A prosperous and contradictorily irascible Quaker, Ellis Sanders gave up a comfortable life to become a pioneer in St. George. I stayed in his Nauvoo home last year!
Ellis was born into a Quaker family in Delaware whose ancestors had sailed and settled with William Penn. He had one sister, Anne, who was disinherited for marrying a Methodist, and thus Ellis became the sole heir. He was opposed to slavery, but employed free blacks to work for the family. His daughter Hannah remembers he brought oysters home by the bushel from the Chesapeake Bay. Ellis married Rachel and they had seven children, including daughter Rachel.
The Sanders family joined the Church, and Ellis left for Nauvoo to meet the prophet Joseph Smith and loan him a thousand dollars to help with the Nauvoo Temple. Ellis returned to Wilmington (with Heber C. Kimball and Lyman Wight) to serve as the branch president in Delaware, but they had only been home for a few hours when word came that the prophet was killed. Brother Kimball read the letter in the presence of the Sanders family, and said, “God has damned them, and he will damn them, they have murdered Brother Joseph. Brother Lyman, we have got to get to Nauvoo as fast as steam will carry us, and Brother Sanders, we haven’t a cent.” Ellis wrote them each a check and Lyman gave him a note of repayment, but he later apostatized and did not return the money.
The family sold their Delaware property at a great sacrifice, and hurried to Nauvoo, where Ellis bought a brick home at the northwest corner of Page and Sidney Street for $2500 (which only sold for $525 when leaving); the restored home in Nauvoo has been a bed and breakfast hotel. It features an original banister, six fireplaces with bun-warmer cupboards, and a Nauvoo temple stone for the back step. Family lore says that Heber C. Kimball and Brigham Young preached in the parlor and that Joseph Smith was hidden from the mobs in the home’s cellar during construction; one dubious account even indicates that Ellis came out of the house with guns in both hands and threatened to shoot the ruffians.
Ellis and Rachel saw the cornerstone of the Nauvoo Temple laid, and were sealed in the Nauvoo Temple on December 18, 1845. They spent many hours in the temple during January and February before the exodus. Ellis baptized three of his daughters in the Mississippi River in January of 1846. Ellis was also an early polygamist in this era, marrying widowed Esther Gheen (most likely in name only; she came west separately and died not long after in Ogden). She was Heber C. Kimball’s mother-in-law (thus Spencer W. Kimball’s great-grandmother), and Ellis was adopted and sealed to Heber C. Kimball as a son and afterwards signed his name as “Ellis Mendenhall Sanders Kimball.” Heber wrote Ellis a letter that concluded, “I remain your father and kind fellow.”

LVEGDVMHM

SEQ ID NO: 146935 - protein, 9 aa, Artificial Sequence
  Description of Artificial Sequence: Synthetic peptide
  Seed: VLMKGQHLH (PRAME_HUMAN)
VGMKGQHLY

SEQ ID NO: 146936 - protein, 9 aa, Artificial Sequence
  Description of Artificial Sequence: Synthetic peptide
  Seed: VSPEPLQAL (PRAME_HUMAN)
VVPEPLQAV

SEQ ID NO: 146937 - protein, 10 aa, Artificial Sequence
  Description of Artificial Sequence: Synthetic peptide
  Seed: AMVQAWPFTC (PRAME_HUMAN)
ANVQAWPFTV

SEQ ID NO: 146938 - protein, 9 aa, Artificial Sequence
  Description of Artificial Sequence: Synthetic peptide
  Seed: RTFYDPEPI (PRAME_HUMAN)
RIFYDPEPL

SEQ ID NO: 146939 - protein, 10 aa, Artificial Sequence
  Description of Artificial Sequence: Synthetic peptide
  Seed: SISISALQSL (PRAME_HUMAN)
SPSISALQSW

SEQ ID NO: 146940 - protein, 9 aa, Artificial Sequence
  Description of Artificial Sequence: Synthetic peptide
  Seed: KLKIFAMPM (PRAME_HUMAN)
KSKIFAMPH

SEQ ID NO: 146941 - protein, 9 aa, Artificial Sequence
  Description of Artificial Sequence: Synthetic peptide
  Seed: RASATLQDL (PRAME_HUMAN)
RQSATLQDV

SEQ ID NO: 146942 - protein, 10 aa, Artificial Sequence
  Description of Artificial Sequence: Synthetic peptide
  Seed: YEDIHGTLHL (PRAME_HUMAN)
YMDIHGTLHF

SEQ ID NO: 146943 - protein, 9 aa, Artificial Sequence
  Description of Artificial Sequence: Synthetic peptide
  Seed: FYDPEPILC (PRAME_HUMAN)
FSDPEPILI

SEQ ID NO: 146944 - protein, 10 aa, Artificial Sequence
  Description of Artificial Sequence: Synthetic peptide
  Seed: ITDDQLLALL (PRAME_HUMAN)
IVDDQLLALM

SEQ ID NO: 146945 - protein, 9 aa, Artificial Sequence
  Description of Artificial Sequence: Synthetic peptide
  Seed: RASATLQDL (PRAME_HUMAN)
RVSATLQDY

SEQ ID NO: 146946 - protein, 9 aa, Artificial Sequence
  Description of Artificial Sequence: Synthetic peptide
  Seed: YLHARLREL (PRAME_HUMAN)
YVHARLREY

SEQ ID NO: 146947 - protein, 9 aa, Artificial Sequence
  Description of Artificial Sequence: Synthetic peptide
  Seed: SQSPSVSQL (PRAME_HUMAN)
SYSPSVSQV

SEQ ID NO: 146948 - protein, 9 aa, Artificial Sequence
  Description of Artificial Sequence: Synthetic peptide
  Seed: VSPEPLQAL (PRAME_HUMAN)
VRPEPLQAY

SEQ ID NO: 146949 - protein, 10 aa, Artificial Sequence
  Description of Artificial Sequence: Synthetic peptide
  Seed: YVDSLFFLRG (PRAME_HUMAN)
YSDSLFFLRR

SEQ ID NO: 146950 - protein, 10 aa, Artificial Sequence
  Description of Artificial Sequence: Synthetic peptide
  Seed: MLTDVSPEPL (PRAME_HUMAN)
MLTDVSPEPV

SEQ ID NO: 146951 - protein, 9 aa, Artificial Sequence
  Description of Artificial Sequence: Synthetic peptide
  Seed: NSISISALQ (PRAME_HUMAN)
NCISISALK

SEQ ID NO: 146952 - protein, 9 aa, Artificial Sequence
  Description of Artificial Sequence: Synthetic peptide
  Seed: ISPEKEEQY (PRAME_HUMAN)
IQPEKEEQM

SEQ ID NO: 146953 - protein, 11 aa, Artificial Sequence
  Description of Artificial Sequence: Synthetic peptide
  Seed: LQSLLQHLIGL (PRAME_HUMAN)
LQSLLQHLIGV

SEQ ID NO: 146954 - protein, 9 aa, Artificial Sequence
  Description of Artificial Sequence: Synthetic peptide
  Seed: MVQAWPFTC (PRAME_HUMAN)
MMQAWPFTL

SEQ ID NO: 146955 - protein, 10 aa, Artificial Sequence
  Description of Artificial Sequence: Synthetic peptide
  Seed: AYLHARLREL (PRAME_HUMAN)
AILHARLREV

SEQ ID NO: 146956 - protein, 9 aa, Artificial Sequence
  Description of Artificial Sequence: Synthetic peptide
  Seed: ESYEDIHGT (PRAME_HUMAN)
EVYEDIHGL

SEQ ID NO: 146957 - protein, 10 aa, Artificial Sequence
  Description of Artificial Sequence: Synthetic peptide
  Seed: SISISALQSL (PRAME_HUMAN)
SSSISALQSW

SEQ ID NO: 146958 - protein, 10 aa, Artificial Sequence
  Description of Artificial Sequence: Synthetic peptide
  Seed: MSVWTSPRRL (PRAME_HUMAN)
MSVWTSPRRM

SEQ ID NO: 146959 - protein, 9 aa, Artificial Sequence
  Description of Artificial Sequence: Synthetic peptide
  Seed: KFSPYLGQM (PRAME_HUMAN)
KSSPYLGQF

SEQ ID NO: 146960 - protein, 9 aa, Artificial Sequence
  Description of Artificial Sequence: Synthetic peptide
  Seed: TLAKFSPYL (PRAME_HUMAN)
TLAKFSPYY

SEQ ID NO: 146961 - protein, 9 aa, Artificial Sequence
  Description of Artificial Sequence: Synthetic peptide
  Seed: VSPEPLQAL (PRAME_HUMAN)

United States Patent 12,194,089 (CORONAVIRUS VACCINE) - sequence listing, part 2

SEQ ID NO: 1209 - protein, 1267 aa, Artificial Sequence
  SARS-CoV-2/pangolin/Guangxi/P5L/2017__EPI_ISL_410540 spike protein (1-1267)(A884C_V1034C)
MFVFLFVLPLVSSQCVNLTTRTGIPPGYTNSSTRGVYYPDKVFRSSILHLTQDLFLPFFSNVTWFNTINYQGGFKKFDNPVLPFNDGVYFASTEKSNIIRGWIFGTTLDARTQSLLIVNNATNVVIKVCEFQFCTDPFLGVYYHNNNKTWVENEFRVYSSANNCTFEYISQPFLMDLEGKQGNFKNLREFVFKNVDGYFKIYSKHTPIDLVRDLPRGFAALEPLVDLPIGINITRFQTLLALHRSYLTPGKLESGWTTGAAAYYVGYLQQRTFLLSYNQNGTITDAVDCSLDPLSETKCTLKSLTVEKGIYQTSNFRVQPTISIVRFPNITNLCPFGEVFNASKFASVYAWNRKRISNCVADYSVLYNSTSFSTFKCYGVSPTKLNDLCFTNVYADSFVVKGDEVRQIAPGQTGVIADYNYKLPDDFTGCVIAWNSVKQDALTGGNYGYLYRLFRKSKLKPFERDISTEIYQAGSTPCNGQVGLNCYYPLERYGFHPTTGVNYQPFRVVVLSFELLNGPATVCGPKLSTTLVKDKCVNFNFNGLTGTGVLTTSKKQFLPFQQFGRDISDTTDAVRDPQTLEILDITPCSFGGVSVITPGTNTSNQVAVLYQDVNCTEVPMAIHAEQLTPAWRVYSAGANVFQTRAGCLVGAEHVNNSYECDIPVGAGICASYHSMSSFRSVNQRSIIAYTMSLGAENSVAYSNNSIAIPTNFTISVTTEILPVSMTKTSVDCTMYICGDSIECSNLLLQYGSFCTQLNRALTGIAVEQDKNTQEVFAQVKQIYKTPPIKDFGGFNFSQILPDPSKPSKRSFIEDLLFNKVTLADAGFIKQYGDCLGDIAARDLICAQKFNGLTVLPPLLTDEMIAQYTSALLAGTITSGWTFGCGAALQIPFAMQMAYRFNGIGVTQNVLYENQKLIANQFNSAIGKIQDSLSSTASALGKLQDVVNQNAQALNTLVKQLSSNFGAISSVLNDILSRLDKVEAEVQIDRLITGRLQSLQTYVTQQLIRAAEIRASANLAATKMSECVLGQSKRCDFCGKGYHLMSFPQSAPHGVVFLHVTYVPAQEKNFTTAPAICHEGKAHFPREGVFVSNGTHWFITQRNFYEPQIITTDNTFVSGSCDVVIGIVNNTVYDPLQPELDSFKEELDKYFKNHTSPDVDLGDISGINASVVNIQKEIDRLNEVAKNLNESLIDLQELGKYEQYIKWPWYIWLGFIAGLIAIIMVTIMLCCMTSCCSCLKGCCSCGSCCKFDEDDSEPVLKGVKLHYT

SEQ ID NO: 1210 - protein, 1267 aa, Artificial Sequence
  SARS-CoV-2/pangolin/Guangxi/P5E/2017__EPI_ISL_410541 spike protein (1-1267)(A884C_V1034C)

After building a home in Winter Quarters, Ellis helped build cabins for other Saints. While crossing the plains, Ellis had three outfits of wagons, but his hired teamster left for the Mormon Battalion, and so daughter Ann drove one of the wagons. Indians stole some of their cattle, and then Ellis skirmished with the Indians.
In Utah the Sanders settled in Centerville, and attended the dedication of the Salt Lake Temple grounds in 1849. Ellis was called as a doorkeeper at the Tabernacle in that same year. In 1853 Ellis noted in his journal the appearance of a nightly comet (now identified as Comet Klinkerfuss). The Sanders came south to Springville for three months of the “duration” of Johnston’s Army, and lived with daughter Hannah’s family. She was married to Oliver Huntington, Zina D.H. Young’s brother. He wrote of that episode: “Eighteen people lived together for three months in a one-room house and never had a quarrel.” This is especially remarkable given that Ellis’ journal indicates a somewhat volatile man prone to altercations with the neighbors. Oliver once chastised Ellis for not being a more faithful correspondent, but eulogized his father-in-law as follows: “Ellis was an honorable man who had in former times contributed freely of his thousands for the upbuilding of Zion.”
The Sanders moved back to Centerville, but were called in the 1861 General Conference to settle the Dixie mission. They lived in a tent until Ellis could make adobe bricks to build a home, and the lot they were assigned had such poor soil that a harvest was nearly impossible. Getting on in years, Ellis worked as a St. George city assessor, tax collector, road supervisor, and city water master. He plowed the first furrow on the grounds of the St. George Temple.
Once one of his children complained about the family’s loss of property, and how much was given to the Church and how they missed the prosperity of their Delaware past. Ellis said that did not matter at all, “The gospel was worth it all.” He died of paralysis, and Brigham Young spoke at his funeral in the St. George Tabernacle. The last known location of the Sanders family Bible was in the possession of great-granddaughter Ellen Cutler. Descendant June Everett has Ellis’ trunk with his wallet and many original documents. His journal can be read online here.
I would give him a better telescope to better enjoy watching comets!